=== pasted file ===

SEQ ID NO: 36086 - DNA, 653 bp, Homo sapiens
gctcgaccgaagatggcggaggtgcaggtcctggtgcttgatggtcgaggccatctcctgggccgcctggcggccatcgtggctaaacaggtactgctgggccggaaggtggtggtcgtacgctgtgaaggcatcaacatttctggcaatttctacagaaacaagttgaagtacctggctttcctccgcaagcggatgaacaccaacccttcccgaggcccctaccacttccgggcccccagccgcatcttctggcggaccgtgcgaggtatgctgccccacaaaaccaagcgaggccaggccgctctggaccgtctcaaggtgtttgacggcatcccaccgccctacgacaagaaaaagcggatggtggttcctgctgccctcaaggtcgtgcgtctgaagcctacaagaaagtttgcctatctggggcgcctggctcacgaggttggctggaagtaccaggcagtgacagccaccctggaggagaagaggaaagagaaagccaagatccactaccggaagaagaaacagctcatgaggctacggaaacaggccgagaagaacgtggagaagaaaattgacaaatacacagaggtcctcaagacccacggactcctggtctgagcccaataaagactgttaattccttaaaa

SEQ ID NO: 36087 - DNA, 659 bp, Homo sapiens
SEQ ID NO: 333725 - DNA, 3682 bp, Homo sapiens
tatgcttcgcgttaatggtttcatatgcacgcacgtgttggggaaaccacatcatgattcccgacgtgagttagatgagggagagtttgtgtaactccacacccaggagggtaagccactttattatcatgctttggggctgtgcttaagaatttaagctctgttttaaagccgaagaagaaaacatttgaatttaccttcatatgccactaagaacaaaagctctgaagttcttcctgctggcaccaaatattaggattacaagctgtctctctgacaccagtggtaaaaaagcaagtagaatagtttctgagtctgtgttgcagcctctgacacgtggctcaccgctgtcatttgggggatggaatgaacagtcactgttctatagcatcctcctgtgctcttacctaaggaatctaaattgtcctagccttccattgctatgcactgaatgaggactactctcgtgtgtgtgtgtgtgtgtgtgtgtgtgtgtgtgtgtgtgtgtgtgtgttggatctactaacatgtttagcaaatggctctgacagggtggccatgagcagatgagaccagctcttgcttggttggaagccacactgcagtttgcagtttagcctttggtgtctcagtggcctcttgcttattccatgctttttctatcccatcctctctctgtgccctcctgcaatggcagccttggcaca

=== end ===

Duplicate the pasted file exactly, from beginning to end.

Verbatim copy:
SEQ ID NO: 36086 - DNA, 653 bp, Homo sapiens
gctcgaccgaagatggcggaggtgcaggtcctggtgcttgatggtcgaggccatctcctgggccgcctggcggccatcgtggctaaacaggtactgctgggccggaaggtggtggtcgtacgctgtgaaggcatcaacatttctggcaatttctacagaaacaagttgaagtacctggctttcctccgcaagcggatgaacaccaacccttcccgaggcccctaccacttccgggcccccagccgcatcttctggcggaccgtgcgaggtatgctgccccacaaaaccaagcgaggccaggccgctctggaccgtctcaaggtgtttgacggcatcccaccgccctacgacaagaaaaagcggatggtggttcctgctgccctcaaggtcgtgcgtctgaagcctacaagaaagtttgcctatctggggcgcctggctcacgaggttggctggaagtaccaggcagtgacagccaccctggaggagaagaggaaagagaaagccaagatccactaccggaagaagaaacagctcatgaggctacggaaacaggccgagaagaacgtggagaagaaaattgacaaatacacagaggtcctcaagacccacggactcctggtctgagcccaataaagactgttaattccttaaaa

SEQ ID NO: 36087 - DNA, 659 bp, Homo sapiens
SEQ ID NO: 333725 - DNA, 3682 bp, Homo sapiens
tatgcttcgcgttaatggtttcatatgcacgcacgtgttggggaaaccacatcatgattcccgacgtgagttagatgagggagagtttgtgtaactccacacccaggagggtaagccactttattatcatgctttggggctgtgcttaagaatttaagctctgttttaaagccgaagaagaaaacatttgaatttaccttcatatgccactaagaacaaaagctctgaagttcttcctgctggcaccaaatattaggattacaagctgtctctctgacaccagtggtaaaaaagcaagtagaatagtttctgagtctgtgttgcagcctctgacacgtggctcaccgctgtcatttgggggatggaatgaacagtcactgttctatagcatcctcctgtgctcttacctaaggaatctaaattgtcctagccttccattgctatgcactgaatgaggactactctcgtgtgtgtgtgtgtgtgtgtgtgtgtgtgtgtgtgtgtgtgtgtgtgttggatctactaacatgtttagcaaatggctctgacagggtggccatgagcagatgagaccagctcttgcttggttggaagccacactgcagtttgcagtttagcctttggtgtctcagtggcctcttgcttattccatgctttttctatcccatcctctctctgtgccctcctgcaatggcagccttggcaca